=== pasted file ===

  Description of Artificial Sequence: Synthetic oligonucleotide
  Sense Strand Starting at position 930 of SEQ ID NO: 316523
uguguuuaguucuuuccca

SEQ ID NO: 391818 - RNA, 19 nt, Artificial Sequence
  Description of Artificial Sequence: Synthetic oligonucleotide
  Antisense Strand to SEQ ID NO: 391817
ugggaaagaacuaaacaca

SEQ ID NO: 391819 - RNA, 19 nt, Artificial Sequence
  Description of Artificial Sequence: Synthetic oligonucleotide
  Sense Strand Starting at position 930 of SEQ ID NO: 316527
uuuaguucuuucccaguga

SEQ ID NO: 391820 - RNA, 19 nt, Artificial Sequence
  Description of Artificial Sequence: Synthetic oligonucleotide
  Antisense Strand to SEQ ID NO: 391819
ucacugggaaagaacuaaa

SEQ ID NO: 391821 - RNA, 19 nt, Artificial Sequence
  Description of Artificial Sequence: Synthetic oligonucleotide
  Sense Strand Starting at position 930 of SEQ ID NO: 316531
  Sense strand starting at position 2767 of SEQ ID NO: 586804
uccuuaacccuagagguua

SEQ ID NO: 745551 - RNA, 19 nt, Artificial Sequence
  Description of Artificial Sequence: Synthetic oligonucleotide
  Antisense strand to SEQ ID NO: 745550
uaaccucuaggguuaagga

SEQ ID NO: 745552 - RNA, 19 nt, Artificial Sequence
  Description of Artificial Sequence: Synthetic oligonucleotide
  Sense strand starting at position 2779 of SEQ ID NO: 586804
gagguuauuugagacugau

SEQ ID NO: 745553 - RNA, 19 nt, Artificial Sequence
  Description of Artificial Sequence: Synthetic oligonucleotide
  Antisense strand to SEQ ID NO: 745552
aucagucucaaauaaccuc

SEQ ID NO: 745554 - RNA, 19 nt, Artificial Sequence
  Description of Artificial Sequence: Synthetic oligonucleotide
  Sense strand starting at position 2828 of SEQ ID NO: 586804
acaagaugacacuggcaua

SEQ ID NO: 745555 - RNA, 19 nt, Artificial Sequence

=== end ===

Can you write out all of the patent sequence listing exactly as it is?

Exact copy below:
  Description of Artificial Sequence: Synthetic oligonucleotide
  Sense Strand Starting at position 930 of SEQ ID NO: 316523
uguguuuaguucuuuccca

SEQ ID NO: 391818 - RNA, 19 nt, Artificial Sequence
  Description of Artificial Sequence: Synthetic oligonucleotide
  Antisense Strand to SEQ ID NO: 391817
ugggaaagaacuaaacaca

SEQ ID NO: 391819 - RNA, 19 nt, Artificial Sequence
  Description of Artificial Sequence: Synthetic oligonucleotide
  Sense Strand Starting at position 930 of SEQ ID NO: 316527
uuuaguucuuucccaguga

SEQ ID NO: 391820 - RNA, 19 nt, Artificial Sequence
  Description of Artificial Sequence: Synthetic oligonucleotide
  Antisense Strand to SEQ ID NO: 391819
ucacugggaaagaacuaaa

SEQ ID NO: 391821 - RNA, 19 nt, Artificial Sequence
  Description of Artificial Sequence: Synthetic oligonucleotide
  Sense Strand Starting at position 930 of SEQ ID NO: 316531
  Sense strand starting at position 2767 of SEQ ID NO: 586804
uccuuaacccuagagguua

SEQ ID NO: 745551 - RNA, 19 nt, Artificial Sequence
  Description of Artificial Sequence: Synthetic oligonucleotide
  Antisense strand to SEQ ID NO: 745550
uaaccucuaggguuaagga

SEQ ID NO: 745552 - RNA, 19 nt, Artificial Sequence
  Description of Artificial Sequence: Synthetic oligonucleotide
  Sense strand starting at position 2779 of SEQ ID NO: 586804
gagguuauuugagacugau

SEQ ID NO: 745553 - RNA, 19 nt, Artificial Sequence
  Description of Artificial Sequence: Synthetic oligonucleotide
  Antisense strand to SEQ ID NO: 745552
aucagucucaaauaaccuc

SEQ ID NO: 745554 - RNA, 19 nt, Artificial Sequence
  Description of Artificial Sequence: Synthetic oligonucleotide
  Sense strand starting at position 2828 of SEQ ID NO: 586804
acaagaugacacuggcaua

SEQ ID NO: 745555 - RNA, 19 nt, Artificial Sequence